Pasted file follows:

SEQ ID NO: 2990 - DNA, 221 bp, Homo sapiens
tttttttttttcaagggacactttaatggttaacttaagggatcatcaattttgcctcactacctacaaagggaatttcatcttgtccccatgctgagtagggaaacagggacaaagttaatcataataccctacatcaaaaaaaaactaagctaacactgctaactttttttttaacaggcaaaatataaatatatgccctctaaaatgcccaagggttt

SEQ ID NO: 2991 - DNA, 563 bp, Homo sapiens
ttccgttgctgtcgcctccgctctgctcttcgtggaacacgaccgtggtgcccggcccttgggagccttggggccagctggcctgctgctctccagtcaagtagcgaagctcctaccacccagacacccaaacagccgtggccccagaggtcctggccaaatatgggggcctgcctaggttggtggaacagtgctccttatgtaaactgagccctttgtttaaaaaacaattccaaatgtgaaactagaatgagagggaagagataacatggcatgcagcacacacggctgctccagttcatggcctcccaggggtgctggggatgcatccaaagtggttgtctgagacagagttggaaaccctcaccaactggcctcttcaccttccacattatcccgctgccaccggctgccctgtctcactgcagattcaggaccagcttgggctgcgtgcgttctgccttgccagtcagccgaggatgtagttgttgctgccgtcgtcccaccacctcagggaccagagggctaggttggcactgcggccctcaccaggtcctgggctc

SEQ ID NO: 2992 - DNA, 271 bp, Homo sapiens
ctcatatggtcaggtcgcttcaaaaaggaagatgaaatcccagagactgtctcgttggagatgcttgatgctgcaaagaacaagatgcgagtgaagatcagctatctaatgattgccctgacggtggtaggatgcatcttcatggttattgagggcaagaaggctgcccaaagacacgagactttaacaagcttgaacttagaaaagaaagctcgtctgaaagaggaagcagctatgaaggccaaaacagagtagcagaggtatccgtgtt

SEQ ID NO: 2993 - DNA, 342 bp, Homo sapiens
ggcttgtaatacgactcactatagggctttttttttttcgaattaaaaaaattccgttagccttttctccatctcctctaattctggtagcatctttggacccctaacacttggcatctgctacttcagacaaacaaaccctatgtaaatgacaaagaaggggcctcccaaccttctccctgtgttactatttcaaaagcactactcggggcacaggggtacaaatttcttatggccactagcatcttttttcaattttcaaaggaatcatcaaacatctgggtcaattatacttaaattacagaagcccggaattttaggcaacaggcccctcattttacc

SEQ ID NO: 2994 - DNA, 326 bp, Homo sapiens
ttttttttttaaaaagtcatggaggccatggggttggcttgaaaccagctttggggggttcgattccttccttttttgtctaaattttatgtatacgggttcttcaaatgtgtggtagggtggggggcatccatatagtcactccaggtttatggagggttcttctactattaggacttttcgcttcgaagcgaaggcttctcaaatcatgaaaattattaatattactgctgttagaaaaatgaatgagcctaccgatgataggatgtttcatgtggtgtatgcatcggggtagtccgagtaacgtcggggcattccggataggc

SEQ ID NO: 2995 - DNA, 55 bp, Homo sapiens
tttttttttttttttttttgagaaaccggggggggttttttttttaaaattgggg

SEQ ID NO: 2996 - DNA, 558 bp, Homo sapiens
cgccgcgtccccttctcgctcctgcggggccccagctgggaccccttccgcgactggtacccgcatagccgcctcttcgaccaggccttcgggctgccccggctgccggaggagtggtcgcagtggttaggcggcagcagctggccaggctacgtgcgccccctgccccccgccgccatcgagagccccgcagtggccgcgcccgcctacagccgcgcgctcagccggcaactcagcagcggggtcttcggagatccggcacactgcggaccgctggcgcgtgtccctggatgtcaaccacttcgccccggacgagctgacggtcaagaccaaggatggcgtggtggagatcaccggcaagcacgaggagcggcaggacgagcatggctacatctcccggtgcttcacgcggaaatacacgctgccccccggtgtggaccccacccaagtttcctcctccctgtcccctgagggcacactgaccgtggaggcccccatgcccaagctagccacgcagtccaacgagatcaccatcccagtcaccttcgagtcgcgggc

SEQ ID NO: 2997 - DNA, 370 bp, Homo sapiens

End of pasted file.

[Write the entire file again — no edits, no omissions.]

SEQ ID NO: 2990 - DNA, 221 bp, Homo sapiens
tttttttttttcaagggacactttaatggttaacttaagggatcatcaattttgcctcactacctacaaagggaatttcatcttgtccccatgctgagtagggaaacagggacaaagttaatcataataccctacatcaaaaaaaaactaagctaacactgctaactttttttttaacaggcaaaatataaatatatgccctctaaaatgcccaagggttt

SEQ ID NO: 2991 - DNA, 563 bp, Homo sapiens
ttccgttgctgtcgcctccgctctgctcttcgtggaacacgaccgtggtgcccggcccttgggagccttggggccagctggcctgctgctctccagtcaagtagcgaagctcctaccacccagacacccaaacagccgtggccccagaggtcctggccaaatatgggggcctgcctaggttggtggaacagtgctccttatgtaaactgagccctttgtttaaaaaacaattccaaatgtgaaactagaatgagagggaagagataacatggcatgcagcacacacggctgctccagttcatggcctcccaggggtgctggggatgcatccaaagtggttgtctgagacagagttggaaaccctcaccaactggcctcttcaccttccacattatcccgctgccaccggctgccctgtctcactgcagattcaggaccagcttgggctgcgtgcgttctgccttgccagtcagccgaggatgtagttgttgctgccgtcgtcccaccacctcagggaccagagggctaggttggcactgcggccctcaccaggtcctgggctc

SEQ ID NO: 2992 - DNA, 271 bp, Homo sapiens
ctcatatggtcaggtcgcttcaaaaaggaagatgaaatcccagagactgtctcgttggagatgcttgatgctgcaaagaacaagatgcgagtgaagatcagctatctaatgattgccctgacggtggtaggatgcatcttcatggttattgagggcaagaaggctgcccaaagacacgagactttaacaagcttgaacttagaaaagaaagctcgtctgaaagaggaagcagctatgaaggccaaaacagagtagcagaggtatccgtgtt

SEQ ID NO: 2993 - DNA, 342 bp, Homo sapiens
ggcttgtaatacgactcactatagggctttttttttttcgaattaaaaaaattccgttagccttttctccatctcctctaattctggtagcatctttggacccctaacacttggcatctgctacttcagacaaacaaaccctatgtaaatgacaaagaaggggcctcccaaccttctccctgtgttactatttcaaaagcactactcggggcacaggggtacaaatttcttatggccactagcatcttttttcaattttcaaaggaatcatcaaacatctgggtcaattatacttaaattacagaagcccggaattttaggcaacaggcccctcattttacc

SEQ ID NO: 2994 - DNA, 326 bp, Homo sapiens
ttttttttttaaaaagtcatggaggccatggggttggcttgaaaccagctttggggggttcgattccttccttttttgtctaaattttatgtatacgggttcttcaaatgtgtggtagggtggggggcatccatatagtcactccaggtttatggagggttcttctactattaggacttttcgcttcgaagcgaaggcttctcaaatcatgaaaattattaatattactgctgttagaaaaatgaatgagcctaccgatgataggatgtttcatgtggtgtatgcatcggggtagtccgagtaacgtcggggcattccggataggc

SEQ ID NO: 2995 - DNA, 55 bp, Homo sapiens
tttttttttttttttttttgagaaaccggggggggttttttttttaaaattgggg

SEQ ID NO: 2996 - DNA, 558 bp, Homo sapiens
cgccgcgtccccttctcgctcctgcggggccccagctgggaccccttccgcgactggtacccgcatagccgcctcttcgaccaggccttcgggctgccccggctgccggaggagtggtcgcagtggttaggcggcagcagctggccaggctacgtgcgccccctgccccccgccgccatcgagagccccgcagtggccgcgcccgcctacagccgcgcgctcagccggcaactcagcagcggggtcttcggagatccggcacactgcggaccgctggcgcgtgtccctggatgtcaaccacttcgccccggacgagctgacggtcaagaccaaggatggcgtggtggagatcaccggcaagcacgaggagcggcaggacgagcatggctacatctcccggtgcttcacgcggaaatacacgctgccccccggtgtggaccccacccaagtttcctcctccctgtcccctgagggcacactgaccgtggaggcccccatgcccaagctagccacgcagtccaacgagatcaccatcccagtcaccttcgagtcgcgggc

SEQ ID NO: 2997 - DNA, 370 bp, Homo sapiens